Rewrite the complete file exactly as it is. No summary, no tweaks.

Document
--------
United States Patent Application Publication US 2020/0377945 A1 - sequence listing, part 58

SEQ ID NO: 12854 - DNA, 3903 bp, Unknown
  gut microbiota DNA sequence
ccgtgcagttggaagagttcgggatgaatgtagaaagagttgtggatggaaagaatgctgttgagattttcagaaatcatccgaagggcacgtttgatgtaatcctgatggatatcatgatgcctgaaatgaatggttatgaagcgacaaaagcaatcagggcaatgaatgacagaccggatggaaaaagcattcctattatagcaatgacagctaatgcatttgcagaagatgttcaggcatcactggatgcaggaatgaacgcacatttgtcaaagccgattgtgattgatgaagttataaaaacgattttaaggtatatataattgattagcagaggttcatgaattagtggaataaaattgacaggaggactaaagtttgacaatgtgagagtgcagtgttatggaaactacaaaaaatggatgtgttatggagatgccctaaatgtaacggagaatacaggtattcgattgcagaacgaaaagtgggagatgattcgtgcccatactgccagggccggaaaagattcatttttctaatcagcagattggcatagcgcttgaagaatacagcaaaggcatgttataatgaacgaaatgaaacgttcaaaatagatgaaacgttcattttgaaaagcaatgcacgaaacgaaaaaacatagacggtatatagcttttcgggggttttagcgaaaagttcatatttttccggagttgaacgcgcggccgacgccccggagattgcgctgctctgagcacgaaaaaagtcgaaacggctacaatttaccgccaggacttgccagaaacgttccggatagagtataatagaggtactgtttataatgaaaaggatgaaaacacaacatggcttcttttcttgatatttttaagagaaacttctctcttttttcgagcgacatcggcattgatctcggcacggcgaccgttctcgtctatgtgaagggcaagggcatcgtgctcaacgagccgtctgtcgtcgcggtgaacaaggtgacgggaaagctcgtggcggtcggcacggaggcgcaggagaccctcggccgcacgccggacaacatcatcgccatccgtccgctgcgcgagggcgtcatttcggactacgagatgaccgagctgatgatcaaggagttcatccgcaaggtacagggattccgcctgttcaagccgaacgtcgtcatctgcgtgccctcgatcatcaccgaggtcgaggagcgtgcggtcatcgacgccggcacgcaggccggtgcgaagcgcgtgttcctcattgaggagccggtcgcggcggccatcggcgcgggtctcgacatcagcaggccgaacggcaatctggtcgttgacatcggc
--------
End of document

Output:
United States Patent Application Publication US 2020/0377945 A1 - sequence listing, part 58

SEQ ID NO: 12854 - DNA, 3903 bp, Unknown
  gut microbiota DNA sequence
ccgtgcagttggaagagttcgggatgaatgtagaaagagttgtggatggaaagaatgctgttgagattttcagaaatcatccgaagggcacgtttgatgtaatcctgatggatatcatgatgcctgaaatgaatggttatgaagcgacaaaagcaatcagggcaatgaatgacagaccggatggaaaaagcattcctattatagcaatgacagctaatgcatttgcagaagatgttcaggcatcactggatgcaggaatgaacgcacatttgtcaaagccgattgtgattgatgaagttataaaaacgattttaaggtatatataattgattagcagaggttcatgaattagtggaataaaattgacaggaggactaaagtttgacaatgtgagagtgcagtgttatggaaactacaaaaaatggatgtgttatggagatgccctaaatgtaacggagaatacaggtattcgattgcagaacgaaaagtgggagatgattcgtgcccatactgccagggccggaaaagattcatttttctaatcagcagattggcatagcgcttgaagaatacagcaaaggcatgttataatgaacgaaatgaaacgttcaaaatagatgaaacgttcattttgaaaagcaatgcacgaaacgaaaaaacatagacggtatatagcttttcgggggttttagcgaaaagttcatatttttccggagttgaacgcgcggccgacgccccggagattgcgctgctctgagcacgaaaaaagtcgaaacggctacaatttaccgccaggacttgccagaaacgttccggatagagtataatagaggtactgtttataatgaaaaggatgaaaacacaacatggcttcttttcttgatatttttaagagaaacttctctcttttttcgagcgacatcggcattgatctcggcacggcgaccgttctcgtctatgtgaagggcaagggcatcgtgctcaacgagccgtctgtcgtcgcggtgaacaaggtgacgggaaagctcgtggcggtcggcacggaggcgcaggagaccctcggccgcacgccggacaacatcatcgccatccgtccgctgcgcgagggcgtcatttcggactacgagatgaccgagctgatgatcaaggagttcatccgcaaggtacagggattccgcctgttcaagccgaacgtcgtcatctgcgtgccctcgatcatcaccgaggtcgaggagcgtgcggtcatcgacgccggcacgcaggccggtgcgaagcgcgtgttcctcattgaggagccggtcgcggcggccatcggcgcgggtctcgacatcagcaggccgaacggcaatctggtcgttgacatcggc